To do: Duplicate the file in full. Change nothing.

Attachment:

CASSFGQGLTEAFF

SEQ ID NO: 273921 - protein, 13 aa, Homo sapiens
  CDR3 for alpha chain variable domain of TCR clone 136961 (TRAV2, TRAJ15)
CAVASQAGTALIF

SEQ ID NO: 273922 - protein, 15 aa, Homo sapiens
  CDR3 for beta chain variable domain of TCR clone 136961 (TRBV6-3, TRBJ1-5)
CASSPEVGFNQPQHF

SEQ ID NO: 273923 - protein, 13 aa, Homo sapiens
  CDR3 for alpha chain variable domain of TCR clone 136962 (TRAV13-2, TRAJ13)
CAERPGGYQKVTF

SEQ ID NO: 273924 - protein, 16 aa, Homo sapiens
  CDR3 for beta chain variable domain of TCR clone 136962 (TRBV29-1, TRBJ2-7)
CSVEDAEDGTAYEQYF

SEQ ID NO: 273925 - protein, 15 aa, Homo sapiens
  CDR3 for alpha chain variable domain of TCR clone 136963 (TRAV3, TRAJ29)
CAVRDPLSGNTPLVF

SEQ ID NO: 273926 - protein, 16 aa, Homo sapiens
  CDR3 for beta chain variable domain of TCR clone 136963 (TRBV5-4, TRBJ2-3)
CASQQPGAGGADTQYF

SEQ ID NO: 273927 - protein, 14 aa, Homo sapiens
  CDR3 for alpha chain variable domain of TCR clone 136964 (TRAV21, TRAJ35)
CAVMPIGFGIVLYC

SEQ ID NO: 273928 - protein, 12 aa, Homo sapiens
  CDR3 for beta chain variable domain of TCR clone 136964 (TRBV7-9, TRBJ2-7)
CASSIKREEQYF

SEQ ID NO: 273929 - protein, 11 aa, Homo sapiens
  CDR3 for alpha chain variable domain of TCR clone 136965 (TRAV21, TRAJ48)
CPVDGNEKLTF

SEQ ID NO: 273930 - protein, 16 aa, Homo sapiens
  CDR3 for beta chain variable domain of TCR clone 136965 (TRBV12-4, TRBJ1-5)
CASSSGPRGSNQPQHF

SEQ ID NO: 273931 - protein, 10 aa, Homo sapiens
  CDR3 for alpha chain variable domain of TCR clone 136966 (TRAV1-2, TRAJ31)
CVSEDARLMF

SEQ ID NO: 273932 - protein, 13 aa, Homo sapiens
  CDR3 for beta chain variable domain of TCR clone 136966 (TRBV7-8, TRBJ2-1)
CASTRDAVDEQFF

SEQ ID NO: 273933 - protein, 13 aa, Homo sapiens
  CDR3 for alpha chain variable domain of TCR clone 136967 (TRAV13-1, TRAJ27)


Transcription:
CASSFGQGLTEAFF

SEQ ID NO: 273921 - protein, 13 aa, Homo sapiens
  CDR3 for alpha chain variable domain of TCR clone 136961 (TRAV2, TRAJ15)
CAVASQAGTALIF

SEQ ID NO: 273922 - protein, 15 aa, Homo sapiens
  CDR3 for beta chain variable domain of TCR clone 136961 (TRBV6-3, TRBJ1-5)
CASSPEVGFNQPQHF

SEQ ID NO: 273923 - protein, 13 aa, Homo sapiens
  CDR3 for alpha chain variable domain of TCR clone 136962 (TRAV13-2, TRAJ13)
CAERPGGYQKVTF

SEQ ID NO: 273924 - protein, 16 aa, Homo sapiens
  CDR3 for beta chain variable domain of TCR clone 136962 (TRBV29-1, TRBJ2-7)
CSVEDAEDGTAYEQYF

SEQ ID NO: 273925 - protein, 15 aa, Homo sapiens
  CDR3 for alpha chain variable domain of TCR clone 136963 (TRAV3, TRAJ29)
CAVRDPLSGNTPLVF

SEQ ID NO: 273926 - protein, 16 aa, Homo sapiens
  CDR3 for beta chain variable domain of TCR clone 136963 (TRBV5-4, TRBJ2-3)
CASQQPGAGGADTQYF

SEQ ID NO: 273927 - protein, 14 aa, Homo sapiens
  CDR3 for alpha chain variable domain of TCR clone 136964 (TRAV21, TRAJ35)
CAVMPIGFGIVLYC

SEQ ID NO: 273928 - protein, 12 aa, Homo sapiens
  CDR3 for beta chain variable domain of TCR clone 136964 (TRBV7-9, TRBJ2-7)
CASSIKREEQYF

SEQ ID NO: 273929 - protein, 11 aa, Homo sapiens
  CDR3 for alpha chain variable domain of TCR clone 136965 (TRAV21, TRAJ48)
CPVDGNEKLTF

SEQ ID NO: 273930 - protein, 16 aa, Homo sapiens
  CDR3 for beta chain variable domain of TCR clone 136965 (TRBV12-4, TRBJ1-5)
CASSSGPRGSNQPQHF

SEQ ID NO: 273931 - protein, 10 aa, Homo sapiens
  CDR3 for alpha chain variable domain of TCR clone 136966 (TRAV1-2, TRAJ31)
CVSEDARLMF

SEQ ID NO: 273932 - protein, 13 aa, Homo sapiens
  CDR3 for beta chain variable domain of TCR clone 136966 (TRBV7-8, TRBJ2-1)
CASTRDAVDEQFF

SEQ ID NO: 273933 - protein, 13 aa, Homo sapiens
  CDR3 for alpha chain variable domain of TCR clone 136967 (TRAV13-1, TRAJ27)